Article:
Entertainment Books How three brave Americans thwarted a French rail terrorist
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How three brave Americans thwarted a French rail terrorist

Left to right: Skarlatos, Stone and Sadler. Photo: Text
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On August 21, 2015, Ayoub al-Khazzani, inspired by ISIS, boarded a train bound for Paris carrying a blade, a pistol and an AK-47 with enough ammunition to slaughter all 554 people on board.

Fortunately, a massacre was averted when three brave young American friends, Spencer Stone, Alek Skarlatos and Anthony Sadler, intervened.

Sitting in their carriage, they heard gunshots and glass breaking, a railway employee sprinted past, then a man appeared carrying an automatic rifle.

The three acted immediately, overcoming al-Khazzani and hog-tying him on the floor with the help of a British traveller. They paid a price, with Stone almost losing a thumb and an eye after grappling with gun-toting terrorist.

Text Publishing’s The 15:17 to Paris, is a real-life thriller depicting the moments that led up to, and the aftermath of, their incredible bravery.

In a bizarre twist of fate, Stone, a staff sergeant in the US Air Force, was near-fatally stabbed in a street scuffle in Sacramento, California a month and a half later.

Stone, who is not being investigated for wrongdoing over the altercation, can’t say too much about the experience as he has yet to testify.

Suffice to say, a knife was plunged into his chest, puncturing his heart, and he almost died during life-saving surgery.

“I literally turned and said, ‘are you kidding me….. again?” Stone tells The New Daily.

Spencer Stone leaves a hospital in France after sustaining injuries in the thwarted attack. Photo: Getty
Spencer Stone leaves a hospital in France after sustaining injuries in the thwarted attack. Photo: Getty

The book describes the experiences of the three in heart-stopping detail and is interwoven with their family histories, the story of their friendship and the experience of their subsequent celebrity.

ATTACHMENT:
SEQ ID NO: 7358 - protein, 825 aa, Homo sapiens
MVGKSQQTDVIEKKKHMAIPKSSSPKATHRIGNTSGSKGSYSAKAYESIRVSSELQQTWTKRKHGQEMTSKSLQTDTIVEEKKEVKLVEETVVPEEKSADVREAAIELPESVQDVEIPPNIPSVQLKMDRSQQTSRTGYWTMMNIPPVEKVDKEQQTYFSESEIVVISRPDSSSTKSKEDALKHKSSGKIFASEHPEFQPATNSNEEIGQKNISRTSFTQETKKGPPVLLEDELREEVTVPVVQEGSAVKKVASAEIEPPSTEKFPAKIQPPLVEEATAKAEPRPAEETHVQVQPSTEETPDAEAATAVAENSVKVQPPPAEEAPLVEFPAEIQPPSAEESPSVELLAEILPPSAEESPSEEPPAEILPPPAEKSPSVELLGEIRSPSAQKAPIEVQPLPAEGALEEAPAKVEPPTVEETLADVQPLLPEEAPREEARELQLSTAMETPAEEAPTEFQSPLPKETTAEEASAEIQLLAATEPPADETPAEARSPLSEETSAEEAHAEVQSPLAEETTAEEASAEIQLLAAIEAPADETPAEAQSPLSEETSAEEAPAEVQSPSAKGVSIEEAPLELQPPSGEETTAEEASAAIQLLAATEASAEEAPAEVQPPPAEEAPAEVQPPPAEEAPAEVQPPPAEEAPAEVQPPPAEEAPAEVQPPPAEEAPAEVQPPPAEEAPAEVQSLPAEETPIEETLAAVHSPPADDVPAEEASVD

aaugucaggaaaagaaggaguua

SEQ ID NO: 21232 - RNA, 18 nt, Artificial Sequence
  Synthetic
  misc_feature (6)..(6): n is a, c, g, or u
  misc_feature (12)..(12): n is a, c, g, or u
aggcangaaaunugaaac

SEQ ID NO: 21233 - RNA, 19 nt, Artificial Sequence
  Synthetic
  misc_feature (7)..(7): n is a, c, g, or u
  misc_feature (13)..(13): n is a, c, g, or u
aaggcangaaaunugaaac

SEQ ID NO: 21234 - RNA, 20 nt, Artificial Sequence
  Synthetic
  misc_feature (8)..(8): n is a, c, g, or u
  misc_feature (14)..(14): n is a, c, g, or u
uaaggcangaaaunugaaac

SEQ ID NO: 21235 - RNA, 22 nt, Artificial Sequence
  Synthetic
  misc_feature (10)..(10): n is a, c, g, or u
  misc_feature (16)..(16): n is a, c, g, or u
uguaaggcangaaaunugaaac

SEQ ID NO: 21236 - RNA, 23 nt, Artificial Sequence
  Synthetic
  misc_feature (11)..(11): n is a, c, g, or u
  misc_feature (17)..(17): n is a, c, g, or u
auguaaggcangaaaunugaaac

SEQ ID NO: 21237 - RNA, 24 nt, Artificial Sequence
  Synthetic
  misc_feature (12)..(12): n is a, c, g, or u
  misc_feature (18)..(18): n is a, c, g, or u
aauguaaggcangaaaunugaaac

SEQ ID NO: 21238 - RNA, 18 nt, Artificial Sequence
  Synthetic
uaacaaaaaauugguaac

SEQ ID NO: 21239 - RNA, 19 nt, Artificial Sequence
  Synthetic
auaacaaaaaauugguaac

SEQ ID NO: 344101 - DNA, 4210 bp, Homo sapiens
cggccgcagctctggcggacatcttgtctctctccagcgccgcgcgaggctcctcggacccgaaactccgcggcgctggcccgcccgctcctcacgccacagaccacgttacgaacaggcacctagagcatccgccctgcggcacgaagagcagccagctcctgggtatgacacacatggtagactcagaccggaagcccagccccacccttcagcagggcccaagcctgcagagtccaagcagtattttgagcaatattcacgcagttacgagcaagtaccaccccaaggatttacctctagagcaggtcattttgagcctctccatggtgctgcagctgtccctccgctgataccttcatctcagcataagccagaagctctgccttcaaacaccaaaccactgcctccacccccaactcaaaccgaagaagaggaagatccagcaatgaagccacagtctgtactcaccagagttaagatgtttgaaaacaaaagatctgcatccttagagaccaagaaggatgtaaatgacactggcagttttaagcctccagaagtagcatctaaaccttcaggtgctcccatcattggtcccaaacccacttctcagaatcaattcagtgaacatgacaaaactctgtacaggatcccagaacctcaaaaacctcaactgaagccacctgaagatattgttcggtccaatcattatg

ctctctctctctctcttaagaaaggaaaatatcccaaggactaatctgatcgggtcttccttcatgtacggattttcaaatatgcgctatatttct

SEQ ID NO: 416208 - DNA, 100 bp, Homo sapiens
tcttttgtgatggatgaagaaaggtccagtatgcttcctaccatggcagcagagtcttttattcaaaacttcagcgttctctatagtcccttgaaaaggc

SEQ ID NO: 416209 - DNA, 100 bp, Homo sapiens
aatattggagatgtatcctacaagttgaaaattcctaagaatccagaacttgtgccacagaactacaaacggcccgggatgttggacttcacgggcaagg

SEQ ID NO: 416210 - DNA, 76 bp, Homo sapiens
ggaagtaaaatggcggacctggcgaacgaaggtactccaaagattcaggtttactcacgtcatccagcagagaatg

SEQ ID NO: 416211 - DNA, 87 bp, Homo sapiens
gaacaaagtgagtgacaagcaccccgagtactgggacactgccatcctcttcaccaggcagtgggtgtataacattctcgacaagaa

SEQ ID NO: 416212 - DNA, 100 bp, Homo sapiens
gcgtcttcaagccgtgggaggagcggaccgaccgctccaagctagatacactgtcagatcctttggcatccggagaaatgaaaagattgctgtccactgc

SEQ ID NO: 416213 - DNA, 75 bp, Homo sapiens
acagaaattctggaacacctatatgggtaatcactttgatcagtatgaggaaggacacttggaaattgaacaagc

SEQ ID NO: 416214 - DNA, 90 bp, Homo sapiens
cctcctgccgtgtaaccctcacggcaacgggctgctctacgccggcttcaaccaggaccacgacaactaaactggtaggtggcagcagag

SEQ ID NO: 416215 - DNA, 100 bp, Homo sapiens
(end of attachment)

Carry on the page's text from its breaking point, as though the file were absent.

Stone is philosophical and positive about it all. The injuries he sustained are, “small potatoes compared to what could have happened. Just the fact that nobody died was the best thing”.

The book, co-written by the three with journalist Jeffrey E. Stern, has a great deal of humanity, even putting into context al-Khazzani’s story.

It also describes some witty moments; perhaps none more so than when President Obama spoke on speaker phone with the three childhood friends while they were still holed up in France. He pointed out that his class reunions usually don’t end with him tackling terrorists.

Stone, 24, finishes his service in November this year. He has ambitions to go back to school and study international security and conflict resolution, something you could say he has first-hand experience in.

“Other cultures really interest me and I like dealing with people that come from different parts of the world,” he said.

The media storm following their brave act had some high points from Stone’s perspective. He got to hang out with former basketball player Kobe Bryant and had dinner with Skarlatos and Sadler at actor and former Californian Governor Arnold Schwarzenegger’s home.

President Barack Obama with (from left) Alek Skarlatos, Spencer Stone and Anthony Sadler. Photo: Getty
President Barack Obama with (from left) Alek Skarlatos, Spencer Stone and Anthony Sadler. Photo: Getty

But Stone’s feet are still firmly on the ground. Not only are the three friends bonded for life, he says his family relationships are even tighter.

“Going to New York for the first time with my mom, brother and sister, I had this moment when I realised this is the first time we’ve all been on plane together going anywhere. That was a really cool experience.”

While the Paris trip, of course, didn’t quite work out the way they planned, they did get an unexpected upgrade to the American Ambassador’s official residence in the city.

Now Stone says his mum understandably panics every time he heads out on the town, but the attack hasn’t put him off travelling.

“I always say you can’t live your life in a bubble. If I was supposed to be dead, I’d be dead by now,” he reasons.

“I kind of just leave it in God’s hands. I’m just living my life, day by day, having fun. If something happens I’ll deal with it as best I can, if not, then I guess it’s my time to go.”

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